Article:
Eventually Sean lemass on November 10th, 1966 made it public to retire from politics and Jack Lynch succeeded him. Sadly, he died in 11th may 1971 and was awarded a state burial (Moody and Martin pg 430).
Sean lemass was a key player in transforming the Irish Economy from an era of protectionism to an economy, which was interdependent to other countries economies. At this time several groups like the employer’s groups, farmers ‘organizations and trade unions made great influence to policy making hence making the government adopt a corporatist style while undertaking a country wide policy making (Murphy pg 1).
During this time, Lemass facilitated a massive evolution in the ways of public policy formulations driving them into sets of three party arrangements, which were unconcealed and conscious. In addition, relations between the government and the upcoming interest groups matured gradually in terms of policy domains. Lemass formalized these interest groups, which made them operate freely in the country in terms of policymaking hence playing an important role in the country’s process of long term planning of policies. The representatives of these interest groups worked strenuously in order to promote the sectional interests of their members hence these groups took impartial and long term prospects concerning their country’s future economic expectations (Murphy pg 1).
Lemass improvements were both felt while he was in the government and in the opposition. He definitely pointed out the importance of ideological changes to the diverse economic bodies in the political arena of Ireland, which could help in formulating the country’s economic policies. Therefore, during his tenure in office (1957-1961) he ensured that his government lay down definite agendas, which could facilitate the overall development of the country’s economy as early as 1960s. Ireland moved from agriculture driven economy to industrialization due to export trade and this led to the improvement of economic co-operation of Ireland and its Europe counterparts. A big achievement was felt throughout the nation as formulation of economic policies took an ideological turn hence giving way to social democracy. Corporation between all key players in the economy was initiated making the process of decision making to be a collective responsibility (Murphy pg 1).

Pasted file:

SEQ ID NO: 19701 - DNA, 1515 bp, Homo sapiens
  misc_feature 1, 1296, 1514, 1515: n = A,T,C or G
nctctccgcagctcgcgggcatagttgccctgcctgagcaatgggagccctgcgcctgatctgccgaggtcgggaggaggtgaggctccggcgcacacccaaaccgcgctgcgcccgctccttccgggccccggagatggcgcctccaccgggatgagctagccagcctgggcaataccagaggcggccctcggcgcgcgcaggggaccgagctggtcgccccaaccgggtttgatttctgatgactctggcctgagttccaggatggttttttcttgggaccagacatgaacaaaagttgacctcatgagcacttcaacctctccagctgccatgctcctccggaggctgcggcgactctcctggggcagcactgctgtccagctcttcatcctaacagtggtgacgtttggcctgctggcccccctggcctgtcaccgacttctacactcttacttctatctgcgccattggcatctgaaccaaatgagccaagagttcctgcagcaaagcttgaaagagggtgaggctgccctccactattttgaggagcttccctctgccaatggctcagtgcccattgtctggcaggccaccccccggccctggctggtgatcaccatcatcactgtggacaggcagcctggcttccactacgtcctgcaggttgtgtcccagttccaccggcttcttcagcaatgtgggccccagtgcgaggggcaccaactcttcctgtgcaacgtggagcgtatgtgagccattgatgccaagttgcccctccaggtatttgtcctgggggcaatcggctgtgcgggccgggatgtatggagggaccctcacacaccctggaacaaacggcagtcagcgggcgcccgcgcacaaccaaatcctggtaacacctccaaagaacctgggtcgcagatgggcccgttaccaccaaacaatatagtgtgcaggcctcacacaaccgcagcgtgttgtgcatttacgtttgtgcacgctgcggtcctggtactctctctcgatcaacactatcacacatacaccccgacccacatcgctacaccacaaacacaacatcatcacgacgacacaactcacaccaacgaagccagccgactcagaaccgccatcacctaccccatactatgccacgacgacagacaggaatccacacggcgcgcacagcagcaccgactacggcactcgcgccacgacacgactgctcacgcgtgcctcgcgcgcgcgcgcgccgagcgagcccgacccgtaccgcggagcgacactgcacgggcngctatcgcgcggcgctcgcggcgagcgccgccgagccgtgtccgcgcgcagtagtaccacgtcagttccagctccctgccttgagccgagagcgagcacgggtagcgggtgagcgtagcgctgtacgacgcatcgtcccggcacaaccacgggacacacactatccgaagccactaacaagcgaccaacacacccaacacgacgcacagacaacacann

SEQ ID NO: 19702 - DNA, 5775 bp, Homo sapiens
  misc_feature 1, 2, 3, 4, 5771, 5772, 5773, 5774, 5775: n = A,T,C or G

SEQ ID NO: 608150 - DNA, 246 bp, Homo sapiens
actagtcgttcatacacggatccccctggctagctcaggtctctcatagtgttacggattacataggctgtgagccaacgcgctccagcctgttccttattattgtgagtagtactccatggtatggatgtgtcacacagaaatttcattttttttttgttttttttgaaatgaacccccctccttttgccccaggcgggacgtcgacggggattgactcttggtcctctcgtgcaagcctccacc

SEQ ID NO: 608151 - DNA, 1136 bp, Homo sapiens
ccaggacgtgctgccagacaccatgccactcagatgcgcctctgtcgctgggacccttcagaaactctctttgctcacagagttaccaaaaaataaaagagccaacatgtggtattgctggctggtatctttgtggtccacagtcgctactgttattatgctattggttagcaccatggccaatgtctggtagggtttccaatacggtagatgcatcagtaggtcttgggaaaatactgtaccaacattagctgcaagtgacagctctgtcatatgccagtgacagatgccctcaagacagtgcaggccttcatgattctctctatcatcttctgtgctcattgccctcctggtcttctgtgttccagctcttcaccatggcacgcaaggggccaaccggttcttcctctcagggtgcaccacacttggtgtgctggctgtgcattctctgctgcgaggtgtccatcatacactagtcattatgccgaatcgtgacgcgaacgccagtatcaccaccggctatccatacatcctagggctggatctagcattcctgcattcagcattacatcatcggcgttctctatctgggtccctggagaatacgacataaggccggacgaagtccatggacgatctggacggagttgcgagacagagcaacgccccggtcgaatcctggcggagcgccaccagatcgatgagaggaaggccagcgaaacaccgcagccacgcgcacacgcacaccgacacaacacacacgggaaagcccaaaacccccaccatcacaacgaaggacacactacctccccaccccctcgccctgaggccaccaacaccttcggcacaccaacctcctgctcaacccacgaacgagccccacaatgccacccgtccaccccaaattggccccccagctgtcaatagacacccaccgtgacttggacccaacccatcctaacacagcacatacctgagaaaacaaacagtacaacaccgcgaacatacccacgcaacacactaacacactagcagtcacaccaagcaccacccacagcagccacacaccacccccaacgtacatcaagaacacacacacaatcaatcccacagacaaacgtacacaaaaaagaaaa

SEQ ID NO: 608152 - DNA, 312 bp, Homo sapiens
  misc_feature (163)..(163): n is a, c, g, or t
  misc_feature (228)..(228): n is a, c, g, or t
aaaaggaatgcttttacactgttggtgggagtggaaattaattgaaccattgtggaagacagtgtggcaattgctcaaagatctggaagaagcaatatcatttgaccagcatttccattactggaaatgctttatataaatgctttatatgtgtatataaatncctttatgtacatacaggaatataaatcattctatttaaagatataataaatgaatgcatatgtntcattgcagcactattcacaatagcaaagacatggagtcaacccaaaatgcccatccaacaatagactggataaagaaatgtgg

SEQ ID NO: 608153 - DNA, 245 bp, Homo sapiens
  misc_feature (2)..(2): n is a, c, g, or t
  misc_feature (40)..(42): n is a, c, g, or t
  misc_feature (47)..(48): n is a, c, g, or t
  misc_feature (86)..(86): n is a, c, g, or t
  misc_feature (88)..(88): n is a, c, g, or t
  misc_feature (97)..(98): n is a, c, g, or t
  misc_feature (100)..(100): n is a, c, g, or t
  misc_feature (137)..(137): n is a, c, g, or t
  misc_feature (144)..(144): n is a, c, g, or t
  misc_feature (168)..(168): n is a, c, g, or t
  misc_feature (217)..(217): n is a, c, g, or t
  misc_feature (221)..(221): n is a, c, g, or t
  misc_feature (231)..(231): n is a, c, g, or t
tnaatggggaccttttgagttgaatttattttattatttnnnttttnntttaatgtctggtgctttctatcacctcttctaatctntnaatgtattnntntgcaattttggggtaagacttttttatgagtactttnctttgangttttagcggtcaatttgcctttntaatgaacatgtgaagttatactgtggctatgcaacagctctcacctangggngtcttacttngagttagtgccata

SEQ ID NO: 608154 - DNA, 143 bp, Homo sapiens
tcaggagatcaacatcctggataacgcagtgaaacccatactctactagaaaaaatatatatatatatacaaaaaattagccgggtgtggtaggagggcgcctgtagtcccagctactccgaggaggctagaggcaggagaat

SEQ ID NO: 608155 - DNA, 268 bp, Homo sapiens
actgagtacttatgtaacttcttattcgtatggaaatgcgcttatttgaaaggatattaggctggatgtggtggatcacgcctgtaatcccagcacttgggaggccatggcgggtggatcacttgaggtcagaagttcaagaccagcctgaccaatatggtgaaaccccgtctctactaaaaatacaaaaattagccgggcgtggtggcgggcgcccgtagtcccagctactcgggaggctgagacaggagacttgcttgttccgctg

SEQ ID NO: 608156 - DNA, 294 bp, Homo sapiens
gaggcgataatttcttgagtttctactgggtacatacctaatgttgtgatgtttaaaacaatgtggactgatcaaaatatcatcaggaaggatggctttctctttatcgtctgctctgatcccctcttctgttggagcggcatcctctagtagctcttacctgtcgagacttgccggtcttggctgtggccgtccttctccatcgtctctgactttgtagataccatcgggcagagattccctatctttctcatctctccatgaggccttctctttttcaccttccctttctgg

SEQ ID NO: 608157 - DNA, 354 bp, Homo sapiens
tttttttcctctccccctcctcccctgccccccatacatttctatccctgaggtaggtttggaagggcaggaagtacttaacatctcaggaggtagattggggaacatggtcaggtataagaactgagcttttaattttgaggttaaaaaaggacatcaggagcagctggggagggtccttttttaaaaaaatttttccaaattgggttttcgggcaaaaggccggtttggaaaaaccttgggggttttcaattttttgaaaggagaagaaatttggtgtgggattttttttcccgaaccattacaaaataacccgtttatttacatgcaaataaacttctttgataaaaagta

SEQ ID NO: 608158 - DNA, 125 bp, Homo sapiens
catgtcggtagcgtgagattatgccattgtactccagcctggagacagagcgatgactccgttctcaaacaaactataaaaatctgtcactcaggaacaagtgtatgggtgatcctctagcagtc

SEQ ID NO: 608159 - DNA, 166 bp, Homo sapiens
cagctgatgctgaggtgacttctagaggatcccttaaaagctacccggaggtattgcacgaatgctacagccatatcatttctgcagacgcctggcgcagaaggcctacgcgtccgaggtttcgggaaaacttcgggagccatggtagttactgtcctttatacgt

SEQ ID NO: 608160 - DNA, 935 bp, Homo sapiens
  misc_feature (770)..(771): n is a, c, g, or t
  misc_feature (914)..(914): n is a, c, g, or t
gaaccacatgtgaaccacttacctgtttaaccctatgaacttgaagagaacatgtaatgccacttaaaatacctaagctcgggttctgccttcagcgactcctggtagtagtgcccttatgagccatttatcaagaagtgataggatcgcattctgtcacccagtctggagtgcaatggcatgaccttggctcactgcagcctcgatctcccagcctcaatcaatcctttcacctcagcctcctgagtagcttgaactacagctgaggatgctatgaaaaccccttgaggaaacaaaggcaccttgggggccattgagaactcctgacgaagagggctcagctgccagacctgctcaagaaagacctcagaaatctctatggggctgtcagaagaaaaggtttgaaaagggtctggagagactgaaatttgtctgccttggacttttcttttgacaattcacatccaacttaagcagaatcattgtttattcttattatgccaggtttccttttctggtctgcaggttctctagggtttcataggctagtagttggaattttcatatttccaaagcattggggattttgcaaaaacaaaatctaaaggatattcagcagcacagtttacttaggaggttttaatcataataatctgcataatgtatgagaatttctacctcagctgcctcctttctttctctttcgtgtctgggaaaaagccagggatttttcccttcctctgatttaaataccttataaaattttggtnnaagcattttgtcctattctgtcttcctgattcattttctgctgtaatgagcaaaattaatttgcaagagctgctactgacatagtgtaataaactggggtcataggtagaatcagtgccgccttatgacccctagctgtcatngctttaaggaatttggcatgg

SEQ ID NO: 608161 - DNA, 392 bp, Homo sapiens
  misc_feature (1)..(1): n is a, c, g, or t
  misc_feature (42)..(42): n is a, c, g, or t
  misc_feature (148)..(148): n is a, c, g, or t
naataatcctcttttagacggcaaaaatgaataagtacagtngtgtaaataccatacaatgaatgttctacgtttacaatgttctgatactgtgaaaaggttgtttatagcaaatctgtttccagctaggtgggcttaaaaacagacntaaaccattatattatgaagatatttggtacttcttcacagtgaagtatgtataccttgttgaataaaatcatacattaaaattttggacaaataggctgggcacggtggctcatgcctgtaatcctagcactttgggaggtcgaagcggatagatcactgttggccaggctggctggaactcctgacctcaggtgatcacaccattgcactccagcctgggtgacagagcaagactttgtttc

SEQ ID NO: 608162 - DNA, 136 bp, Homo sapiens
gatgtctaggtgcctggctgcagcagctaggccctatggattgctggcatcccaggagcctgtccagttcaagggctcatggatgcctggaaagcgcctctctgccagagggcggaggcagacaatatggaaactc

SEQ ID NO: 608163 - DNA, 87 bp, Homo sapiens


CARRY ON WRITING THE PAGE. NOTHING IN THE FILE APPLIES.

Anyone who disagrees with the above achievements of Sean Lemass and his role in the economic improvements witnessed in Ireland during his reign would be making a big mistake as Sean lemass is internationally considered to be the greatest political leader in Ireland. I would tell that person to again and again read all sources available in the world as history says it all that Lemass is honored to have laid the basis foundations towards economic success in modern Ireland. He came up with economic development programmes (Moody and Martin pg 283) which facilitated the creation of the Irish sipping industry, Aer Lingus, and Bord Na Mona. He tirelessly worked in the expansion of the sugar company, countrywide supply of electricity, and tourist industry. He was termed as a man of action and is known to have facilitated the application of Ireland to enter EEC so as to enjoy the privileges of the European society and enlarge their trade market (Irishrollcall (n.p.)). Even I would go a mile further to advice that person to go to Ireland and obtain first hand information concerning the achievements of Sean Lemass to the people who were alive by then.
Moody, Theodore William, and Martin, X. Francis. The course of Irish history. 4th ed., rev. and enl. ed. Lanham, Md.: Published in association with Radio Telefís Éireann by Roberts Rinehart Publishers :, 2001. Print.
Murphy, Gary. “Towards a corporate state? Sean Lemass and the realignment of interest groups in the policy process 1948 – 1964.” DCU Business School. N.p., n.d. Web. 5 May 2012. <doras.dcu.ie/2176/1/DCUBS_Research
“SEAN LEMASS | Irishrollcall.”Irishrollcall. N.p., 4 July 2010. Web. 5 May 2012. <http://irishrollcall.com/2010/04/sean-lemass/>.